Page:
- This trail is overseen by Tuleyome.
- No campfires are allowed.
- No camping is allowed.
For the most current information on the trail's condition, closures, and fire restrictions contact Tuleyome.
How to Get There
From Yolo county, Woodland and Davis, take Highway 128 up through Winters toward Lake Berryessa. After you pass through Winters, it doesn’t take long before you start to drive into the hills. You will pass Lake Solano on your left, as you go up the canyon. Lake Solano is formed by the diversion dam which shunts water into Solano County. The stretch of water above the lake and below Monticello Dam has some world class trout fishing. In fact, Putah Creek and Lake Solano are designated “Wild Trout Waters” by the State of California. The water is clear and cold, as it comes from the bottom of Lake Berryessa.
After you pass by the five Yolo County fishing access areas, the road will bend to the left. When you reach it, cross the bridge over Putah Creek, into Solano County. You will see the Monticello Dam directly to your right. There is a dirt pull out on the right side of the road just before you get to the dam and the road begins a sharp turn. If you see the dam and the waters behind it, you’ve gone too far. Park you car here and cross the highway VERY CAREFULLY. It’s a blind turn for oncoming drivers. When you reach the side opposite the pullout, look for a silver gate. Your hike will start here.
NOTE: Access points to Putah Creek, the wildlife preserve, and Cold Canyon will be going through major alterations from 2015 on. As the information changes, we’ll post it to this website, but be aware that there might be road closures and equipment around while the new access routes are being developed.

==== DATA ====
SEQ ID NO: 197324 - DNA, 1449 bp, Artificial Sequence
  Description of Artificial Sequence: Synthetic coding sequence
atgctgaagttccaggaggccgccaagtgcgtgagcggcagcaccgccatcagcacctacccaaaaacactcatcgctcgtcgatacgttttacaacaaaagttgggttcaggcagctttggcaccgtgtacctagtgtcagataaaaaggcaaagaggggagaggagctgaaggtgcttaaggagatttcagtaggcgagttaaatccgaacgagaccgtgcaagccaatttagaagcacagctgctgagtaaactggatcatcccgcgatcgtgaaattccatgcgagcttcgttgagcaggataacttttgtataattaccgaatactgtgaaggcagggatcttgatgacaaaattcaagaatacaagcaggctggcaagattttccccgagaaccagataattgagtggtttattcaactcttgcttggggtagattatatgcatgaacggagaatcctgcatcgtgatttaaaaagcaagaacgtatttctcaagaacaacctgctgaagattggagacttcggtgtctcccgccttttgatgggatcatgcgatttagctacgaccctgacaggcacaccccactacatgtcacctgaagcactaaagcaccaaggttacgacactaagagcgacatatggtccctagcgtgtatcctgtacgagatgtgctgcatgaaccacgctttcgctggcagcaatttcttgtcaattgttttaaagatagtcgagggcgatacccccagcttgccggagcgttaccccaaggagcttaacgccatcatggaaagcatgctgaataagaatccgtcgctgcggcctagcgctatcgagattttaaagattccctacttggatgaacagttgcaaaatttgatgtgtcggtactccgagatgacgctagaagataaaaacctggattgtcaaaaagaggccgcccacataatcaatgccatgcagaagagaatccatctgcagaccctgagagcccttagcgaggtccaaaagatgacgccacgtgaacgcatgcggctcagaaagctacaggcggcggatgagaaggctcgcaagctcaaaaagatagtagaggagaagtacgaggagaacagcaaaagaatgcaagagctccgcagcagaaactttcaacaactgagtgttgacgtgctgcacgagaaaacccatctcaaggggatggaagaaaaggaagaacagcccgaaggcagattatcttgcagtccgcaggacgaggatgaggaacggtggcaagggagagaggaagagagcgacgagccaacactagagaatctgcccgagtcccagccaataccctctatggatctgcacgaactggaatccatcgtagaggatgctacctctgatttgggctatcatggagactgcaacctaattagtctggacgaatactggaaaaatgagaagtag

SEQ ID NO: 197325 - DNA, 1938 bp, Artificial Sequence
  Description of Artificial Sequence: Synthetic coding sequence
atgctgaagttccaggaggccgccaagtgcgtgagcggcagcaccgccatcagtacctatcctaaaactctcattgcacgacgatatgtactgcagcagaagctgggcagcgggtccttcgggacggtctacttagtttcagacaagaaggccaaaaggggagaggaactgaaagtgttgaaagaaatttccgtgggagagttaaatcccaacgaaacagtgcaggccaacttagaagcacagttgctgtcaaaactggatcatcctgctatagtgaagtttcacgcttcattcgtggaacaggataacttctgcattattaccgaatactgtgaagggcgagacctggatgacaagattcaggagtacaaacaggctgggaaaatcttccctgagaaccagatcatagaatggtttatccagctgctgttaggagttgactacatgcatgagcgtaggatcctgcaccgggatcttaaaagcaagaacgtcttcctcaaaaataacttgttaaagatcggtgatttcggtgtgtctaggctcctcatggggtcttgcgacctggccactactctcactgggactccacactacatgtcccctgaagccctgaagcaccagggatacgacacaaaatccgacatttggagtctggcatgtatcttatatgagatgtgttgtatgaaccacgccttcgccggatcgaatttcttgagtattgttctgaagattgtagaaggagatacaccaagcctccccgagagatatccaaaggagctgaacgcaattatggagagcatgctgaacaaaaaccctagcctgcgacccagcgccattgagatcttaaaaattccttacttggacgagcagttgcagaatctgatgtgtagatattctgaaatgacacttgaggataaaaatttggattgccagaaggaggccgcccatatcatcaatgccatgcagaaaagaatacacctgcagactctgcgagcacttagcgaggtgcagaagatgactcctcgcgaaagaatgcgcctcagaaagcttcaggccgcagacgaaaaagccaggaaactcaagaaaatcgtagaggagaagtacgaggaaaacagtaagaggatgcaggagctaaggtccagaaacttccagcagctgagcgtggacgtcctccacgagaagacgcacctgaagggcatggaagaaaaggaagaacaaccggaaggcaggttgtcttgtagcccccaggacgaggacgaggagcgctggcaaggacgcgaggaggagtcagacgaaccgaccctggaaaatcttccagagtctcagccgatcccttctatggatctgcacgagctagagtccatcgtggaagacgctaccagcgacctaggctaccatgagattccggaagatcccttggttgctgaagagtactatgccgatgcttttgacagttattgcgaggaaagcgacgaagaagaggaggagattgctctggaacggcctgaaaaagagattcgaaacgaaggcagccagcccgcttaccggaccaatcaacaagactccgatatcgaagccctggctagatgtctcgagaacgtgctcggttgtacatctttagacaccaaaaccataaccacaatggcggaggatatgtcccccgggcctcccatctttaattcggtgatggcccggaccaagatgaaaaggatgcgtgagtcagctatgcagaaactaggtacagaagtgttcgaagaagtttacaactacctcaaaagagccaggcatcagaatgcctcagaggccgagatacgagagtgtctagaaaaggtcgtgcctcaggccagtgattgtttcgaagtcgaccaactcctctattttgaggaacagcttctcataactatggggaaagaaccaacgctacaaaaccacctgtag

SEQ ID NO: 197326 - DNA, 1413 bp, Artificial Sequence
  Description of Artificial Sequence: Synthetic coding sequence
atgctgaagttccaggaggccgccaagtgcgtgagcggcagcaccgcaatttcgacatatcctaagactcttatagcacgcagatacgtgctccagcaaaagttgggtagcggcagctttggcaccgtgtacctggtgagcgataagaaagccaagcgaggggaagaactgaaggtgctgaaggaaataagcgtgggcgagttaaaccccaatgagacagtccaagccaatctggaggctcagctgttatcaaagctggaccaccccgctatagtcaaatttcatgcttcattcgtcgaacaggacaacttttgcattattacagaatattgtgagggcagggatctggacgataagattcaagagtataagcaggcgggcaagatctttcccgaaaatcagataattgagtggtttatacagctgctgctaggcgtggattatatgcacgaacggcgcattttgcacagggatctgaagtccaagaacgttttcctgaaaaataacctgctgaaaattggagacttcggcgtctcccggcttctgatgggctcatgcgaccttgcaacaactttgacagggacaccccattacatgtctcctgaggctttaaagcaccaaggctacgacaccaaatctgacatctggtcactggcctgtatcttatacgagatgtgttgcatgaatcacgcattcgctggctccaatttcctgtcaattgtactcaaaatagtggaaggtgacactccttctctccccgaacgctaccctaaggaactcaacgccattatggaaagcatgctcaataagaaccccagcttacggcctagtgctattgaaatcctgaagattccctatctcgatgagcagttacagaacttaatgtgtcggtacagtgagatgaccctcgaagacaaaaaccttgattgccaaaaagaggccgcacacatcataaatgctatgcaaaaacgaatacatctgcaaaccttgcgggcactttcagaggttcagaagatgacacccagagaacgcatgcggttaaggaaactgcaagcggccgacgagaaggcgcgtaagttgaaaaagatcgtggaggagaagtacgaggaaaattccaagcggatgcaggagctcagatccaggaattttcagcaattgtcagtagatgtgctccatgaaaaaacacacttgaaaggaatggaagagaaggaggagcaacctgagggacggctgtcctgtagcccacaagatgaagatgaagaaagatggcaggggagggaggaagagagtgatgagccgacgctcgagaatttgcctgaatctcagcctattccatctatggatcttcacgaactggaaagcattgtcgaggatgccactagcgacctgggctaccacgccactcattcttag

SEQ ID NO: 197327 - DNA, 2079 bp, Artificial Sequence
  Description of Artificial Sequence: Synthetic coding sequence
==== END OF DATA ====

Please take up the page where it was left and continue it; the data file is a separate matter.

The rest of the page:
Annie’s Trail is a part of the Stebbins Cold Canyon loop. This hike takes you further south from the main loop. At the southernmost point of the section of the Cold Canyon loop along the Blue Ridge, you will see a sign for the “Tuleyome Trail”. Take the Tuleyome Trail until you see the sign forAnnie’s Trail. At this point you can continue on the Tuleyome Trail and do Annie’s Trail as a clockwise loop, intersecting it further south, or take this first intersection and do the loop counter-clockwise.
The Hike Itself
There are steep sections, so it is moderately difficult to difficult, depending on your ability. Be sure to stop at Annie’s Rock for the view, when you see the Annie’s Rock sign.
- Fitness: difficult
- Visible Signage:
- Mountain Biking:
- Overnight Camping: